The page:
This cranky yoga teacher/slash student is here to say that you need to change if you hope to improve in yoga or in life. I have been writing lately about being back on the mat taking classes again after a long hiatus. One of the problems with this, and I know it is a personal fault, is that I can’t help looking around the room at the other practitioners and I am a little freaked out by what I see.
Not always of course, and if the woman practicing next to me yesterday reads the blog she should know that she has a beautiful practice. Deep, clean, no excess effort; it was a pleasure to practice alongside of her. And I can tell by the nature of her poses that she worked long and hard to get there.
Earlier in the week I took a class in the city and afterwards the teacher suggested that I needed more external rotation in my down dog. I have received assists with a similar intention in the past month and even though I thought I had it going on, as I sit here typing this, my upper traps and assorted other muscles are downright sore because I have been working on this idea ever since.
That is always how I have built my practice—one cue at a time. And while I am well pleased with being fifty and damned well aligned if I do say so myself, I can and will name a number of things that I need work on.
My inner thighs have always been my nemesis and they remain so. In one of the classes I have taken we did a Pilates type of exercise with a block between the inner thighs and I was literally quaking. The teacher kept saying ground your big toes to the floor and while I might have been able to make my big toes touch, nothing like grounding was happening.
My latissimus dorsi (lats) don’t exist so going into poses like upward facing dog where my chest should open and expand, nothing happens. It isn’t terrible but it isn’t good.
My glutes in general but my right gluteus maximus, minimus, medius and tensor fascia latae don’t like playing the game of yoga but thanks to the fact that out of the twenty something classes I have taken in the last month only two or three haven’t done warrior three, they are starting to get involved. Because I am hyper aware of the ways I can cheat the pose or not try too hard, I have to be extra vigilant in the poses that need to change because it is easy to avoid said change.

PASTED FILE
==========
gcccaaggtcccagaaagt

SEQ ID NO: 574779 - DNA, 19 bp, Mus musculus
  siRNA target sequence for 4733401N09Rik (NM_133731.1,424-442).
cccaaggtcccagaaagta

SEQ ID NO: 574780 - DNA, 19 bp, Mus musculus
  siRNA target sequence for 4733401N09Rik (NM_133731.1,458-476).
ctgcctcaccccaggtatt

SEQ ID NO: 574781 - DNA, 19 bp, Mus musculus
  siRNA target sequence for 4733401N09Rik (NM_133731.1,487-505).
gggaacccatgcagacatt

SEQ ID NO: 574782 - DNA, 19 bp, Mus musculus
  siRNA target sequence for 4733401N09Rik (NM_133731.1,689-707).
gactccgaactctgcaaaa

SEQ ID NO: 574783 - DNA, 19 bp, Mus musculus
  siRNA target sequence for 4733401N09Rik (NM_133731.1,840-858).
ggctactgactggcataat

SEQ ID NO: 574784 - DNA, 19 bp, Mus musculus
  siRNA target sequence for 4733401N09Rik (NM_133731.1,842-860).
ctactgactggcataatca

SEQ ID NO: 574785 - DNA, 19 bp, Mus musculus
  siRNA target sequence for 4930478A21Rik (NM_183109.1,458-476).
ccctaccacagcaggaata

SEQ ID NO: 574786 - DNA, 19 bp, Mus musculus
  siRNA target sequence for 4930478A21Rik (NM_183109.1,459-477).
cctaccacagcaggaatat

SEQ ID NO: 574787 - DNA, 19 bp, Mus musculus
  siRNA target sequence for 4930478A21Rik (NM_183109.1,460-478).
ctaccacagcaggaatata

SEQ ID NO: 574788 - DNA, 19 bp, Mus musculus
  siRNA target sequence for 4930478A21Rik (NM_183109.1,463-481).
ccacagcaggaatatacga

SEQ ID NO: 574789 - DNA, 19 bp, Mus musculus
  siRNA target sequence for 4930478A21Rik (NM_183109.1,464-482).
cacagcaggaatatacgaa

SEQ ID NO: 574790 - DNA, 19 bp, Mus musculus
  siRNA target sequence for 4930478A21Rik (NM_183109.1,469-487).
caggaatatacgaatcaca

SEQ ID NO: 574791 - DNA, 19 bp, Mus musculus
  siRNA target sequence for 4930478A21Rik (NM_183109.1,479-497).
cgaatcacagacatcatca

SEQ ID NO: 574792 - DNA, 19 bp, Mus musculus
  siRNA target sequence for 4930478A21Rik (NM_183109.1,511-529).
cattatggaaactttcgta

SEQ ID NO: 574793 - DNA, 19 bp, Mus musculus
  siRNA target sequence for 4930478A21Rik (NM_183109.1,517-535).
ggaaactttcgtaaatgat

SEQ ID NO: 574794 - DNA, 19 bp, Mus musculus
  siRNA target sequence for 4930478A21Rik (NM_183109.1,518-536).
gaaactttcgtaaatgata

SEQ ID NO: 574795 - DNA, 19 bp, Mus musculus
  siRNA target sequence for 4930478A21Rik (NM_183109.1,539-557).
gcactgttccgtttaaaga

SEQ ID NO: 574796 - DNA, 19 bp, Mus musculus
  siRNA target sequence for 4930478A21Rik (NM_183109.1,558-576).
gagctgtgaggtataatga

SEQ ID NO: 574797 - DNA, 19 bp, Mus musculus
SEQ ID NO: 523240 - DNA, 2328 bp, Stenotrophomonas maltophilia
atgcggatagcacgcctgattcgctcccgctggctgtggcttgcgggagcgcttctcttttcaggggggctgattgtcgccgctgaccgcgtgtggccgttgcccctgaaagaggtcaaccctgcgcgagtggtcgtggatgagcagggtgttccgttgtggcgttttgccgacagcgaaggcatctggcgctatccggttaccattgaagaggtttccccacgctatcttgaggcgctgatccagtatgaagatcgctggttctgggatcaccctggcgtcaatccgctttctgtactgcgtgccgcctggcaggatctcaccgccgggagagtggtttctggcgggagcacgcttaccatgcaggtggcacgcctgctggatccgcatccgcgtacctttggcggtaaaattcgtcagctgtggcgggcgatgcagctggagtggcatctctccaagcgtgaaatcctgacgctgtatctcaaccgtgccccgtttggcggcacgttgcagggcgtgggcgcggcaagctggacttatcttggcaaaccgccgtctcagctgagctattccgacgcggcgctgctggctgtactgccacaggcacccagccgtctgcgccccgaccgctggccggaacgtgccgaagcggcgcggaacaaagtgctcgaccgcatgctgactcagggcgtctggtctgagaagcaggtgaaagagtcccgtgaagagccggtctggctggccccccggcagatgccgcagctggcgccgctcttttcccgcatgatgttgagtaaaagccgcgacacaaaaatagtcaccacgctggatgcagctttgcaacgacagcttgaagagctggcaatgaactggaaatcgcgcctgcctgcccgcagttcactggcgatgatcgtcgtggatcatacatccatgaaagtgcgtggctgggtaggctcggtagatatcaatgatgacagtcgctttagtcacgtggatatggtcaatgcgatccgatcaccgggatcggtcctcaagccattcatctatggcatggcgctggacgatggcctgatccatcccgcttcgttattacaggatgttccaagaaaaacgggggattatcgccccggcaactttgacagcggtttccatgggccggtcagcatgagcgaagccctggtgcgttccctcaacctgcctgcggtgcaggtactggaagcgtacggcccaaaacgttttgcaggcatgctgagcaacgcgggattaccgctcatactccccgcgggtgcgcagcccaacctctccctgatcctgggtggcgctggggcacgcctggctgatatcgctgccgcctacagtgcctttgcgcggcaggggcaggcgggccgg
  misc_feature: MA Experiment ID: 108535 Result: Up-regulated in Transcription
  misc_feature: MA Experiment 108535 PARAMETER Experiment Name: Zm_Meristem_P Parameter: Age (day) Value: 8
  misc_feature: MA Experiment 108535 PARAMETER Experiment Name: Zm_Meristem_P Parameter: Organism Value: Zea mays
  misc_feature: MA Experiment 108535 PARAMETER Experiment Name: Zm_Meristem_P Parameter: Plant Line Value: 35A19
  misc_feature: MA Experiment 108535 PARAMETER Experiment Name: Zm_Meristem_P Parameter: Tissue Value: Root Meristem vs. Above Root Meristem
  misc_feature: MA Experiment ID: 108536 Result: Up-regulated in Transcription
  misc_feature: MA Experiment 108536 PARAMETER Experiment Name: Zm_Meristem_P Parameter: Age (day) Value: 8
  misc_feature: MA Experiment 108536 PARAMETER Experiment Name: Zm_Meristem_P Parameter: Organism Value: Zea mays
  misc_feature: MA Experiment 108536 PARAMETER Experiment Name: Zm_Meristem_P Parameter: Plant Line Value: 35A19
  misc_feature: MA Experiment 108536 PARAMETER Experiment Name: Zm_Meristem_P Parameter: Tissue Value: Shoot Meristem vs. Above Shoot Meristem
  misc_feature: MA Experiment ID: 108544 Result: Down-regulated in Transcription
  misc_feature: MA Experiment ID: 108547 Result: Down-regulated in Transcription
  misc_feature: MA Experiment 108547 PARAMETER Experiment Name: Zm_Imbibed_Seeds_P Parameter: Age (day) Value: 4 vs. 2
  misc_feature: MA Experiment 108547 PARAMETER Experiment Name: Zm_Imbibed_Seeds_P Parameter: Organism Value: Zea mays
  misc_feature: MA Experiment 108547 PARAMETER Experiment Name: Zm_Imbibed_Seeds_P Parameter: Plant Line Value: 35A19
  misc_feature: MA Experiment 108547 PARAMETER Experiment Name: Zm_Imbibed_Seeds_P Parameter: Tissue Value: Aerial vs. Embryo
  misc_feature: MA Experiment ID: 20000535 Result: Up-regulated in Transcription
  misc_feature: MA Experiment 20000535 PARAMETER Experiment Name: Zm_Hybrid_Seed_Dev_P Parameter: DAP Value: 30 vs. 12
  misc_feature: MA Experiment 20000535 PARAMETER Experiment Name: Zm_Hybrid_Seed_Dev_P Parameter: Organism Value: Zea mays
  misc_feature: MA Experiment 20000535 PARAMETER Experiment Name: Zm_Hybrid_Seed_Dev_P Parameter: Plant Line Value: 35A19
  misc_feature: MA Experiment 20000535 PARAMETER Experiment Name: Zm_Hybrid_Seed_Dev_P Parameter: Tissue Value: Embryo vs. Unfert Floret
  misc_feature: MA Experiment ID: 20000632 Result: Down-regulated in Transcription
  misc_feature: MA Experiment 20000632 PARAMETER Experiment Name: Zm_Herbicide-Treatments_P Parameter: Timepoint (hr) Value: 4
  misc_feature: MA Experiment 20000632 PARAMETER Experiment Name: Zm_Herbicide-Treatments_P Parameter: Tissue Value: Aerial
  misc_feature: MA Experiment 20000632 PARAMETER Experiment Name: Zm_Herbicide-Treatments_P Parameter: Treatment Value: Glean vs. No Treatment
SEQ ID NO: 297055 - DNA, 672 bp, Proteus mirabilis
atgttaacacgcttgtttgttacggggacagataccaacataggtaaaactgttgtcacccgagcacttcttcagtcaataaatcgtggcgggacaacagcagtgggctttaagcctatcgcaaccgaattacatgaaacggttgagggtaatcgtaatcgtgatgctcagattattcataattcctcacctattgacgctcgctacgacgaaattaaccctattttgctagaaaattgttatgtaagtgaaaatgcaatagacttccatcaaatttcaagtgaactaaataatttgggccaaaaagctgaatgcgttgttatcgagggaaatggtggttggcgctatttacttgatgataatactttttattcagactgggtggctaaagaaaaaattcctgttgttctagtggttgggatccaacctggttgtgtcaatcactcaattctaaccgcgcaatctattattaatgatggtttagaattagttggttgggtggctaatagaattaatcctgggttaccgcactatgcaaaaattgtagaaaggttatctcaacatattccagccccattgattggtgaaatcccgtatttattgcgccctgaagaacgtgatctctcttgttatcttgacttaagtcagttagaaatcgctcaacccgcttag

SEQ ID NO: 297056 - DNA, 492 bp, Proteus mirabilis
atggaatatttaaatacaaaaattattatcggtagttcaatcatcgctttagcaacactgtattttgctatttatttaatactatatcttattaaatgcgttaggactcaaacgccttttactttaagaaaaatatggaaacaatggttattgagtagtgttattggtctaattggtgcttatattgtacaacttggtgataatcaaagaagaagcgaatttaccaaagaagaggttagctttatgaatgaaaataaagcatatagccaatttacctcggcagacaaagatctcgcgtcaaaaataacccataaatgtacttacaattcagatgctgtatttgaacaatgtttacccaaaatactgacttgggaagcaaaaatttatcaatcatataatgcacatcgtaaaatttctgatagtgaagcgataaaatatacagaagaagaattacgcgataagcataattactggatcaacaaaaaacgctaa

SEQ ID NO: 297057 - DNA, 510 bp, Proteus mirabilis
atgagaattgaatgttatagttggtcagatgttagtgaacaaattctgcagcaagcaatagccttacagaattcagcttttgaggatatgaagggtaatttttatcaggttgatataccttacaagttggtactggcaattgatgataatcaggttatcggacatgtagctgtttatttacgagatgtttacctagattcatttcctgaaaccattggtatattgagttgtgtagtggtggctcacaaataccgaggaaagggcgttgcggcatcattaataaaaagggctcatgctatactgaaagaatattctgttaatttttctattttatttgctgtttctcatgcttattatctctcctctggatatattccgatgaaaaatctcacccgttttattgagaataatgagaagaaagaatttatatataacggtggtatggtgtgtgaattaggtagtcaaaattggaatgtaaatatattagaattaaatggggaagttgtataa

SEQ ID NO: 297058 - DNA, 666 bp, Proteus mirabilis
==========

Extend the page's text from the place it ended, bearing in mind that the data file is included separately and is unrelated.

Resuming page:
I was showing my warrior three to my wife last weekend and she kept saying lift the leg higher. So I would, and she would say higher. And I would, and she would say higher still. It was unbelievable to me. I genuinely thought my heel was at the height of my pelvis but the brain plays tricks on us all. I need to change the way I think about where my body is in space and that is what I look to my teachers for. I tend to do what they tell me.
Back to the beginning, what I see in yoga classes that I teach and now that I take, is students that do the same thing day in and day out. Without change there will be no improvement.
I’ll just offer one example but it is a big one. Something I witness repeatedly is short standing poses that don’t/won’t commit to getting the thigh closer to parallel with the floor. This is a simple thing to work on. Either bend the knee a little more or separate the legs farther apart but work on making your standing poses deeper.
Philosophically (I always get in trouble when I talk yoga philosophy because I honestly have no clue what I am talking about so I apologize in advance) I suppose there is an opposite argument to be made—that yoga is a meditative practice and focusing on the body and improvement is all about the ego. Fair enough. There is an excellent example of this idea in the Satchitandanda translation of the yoga sutras where he talks about his classes being the same day in and day out but everyone comes back because it is the idea of simply practicing over a long period of time that brings the yoga to life, and I buy that.
But, I am also, and mostly, here to build a better body to help me age gracefully. While that might be shallow on one level it serves me well. Everyone should make their yoga practice whatever they want it to be but change is a beautiful thing. And I firmly believe you can’t improve in yoga or in life if you aren’t will to accept and embrace the need to change.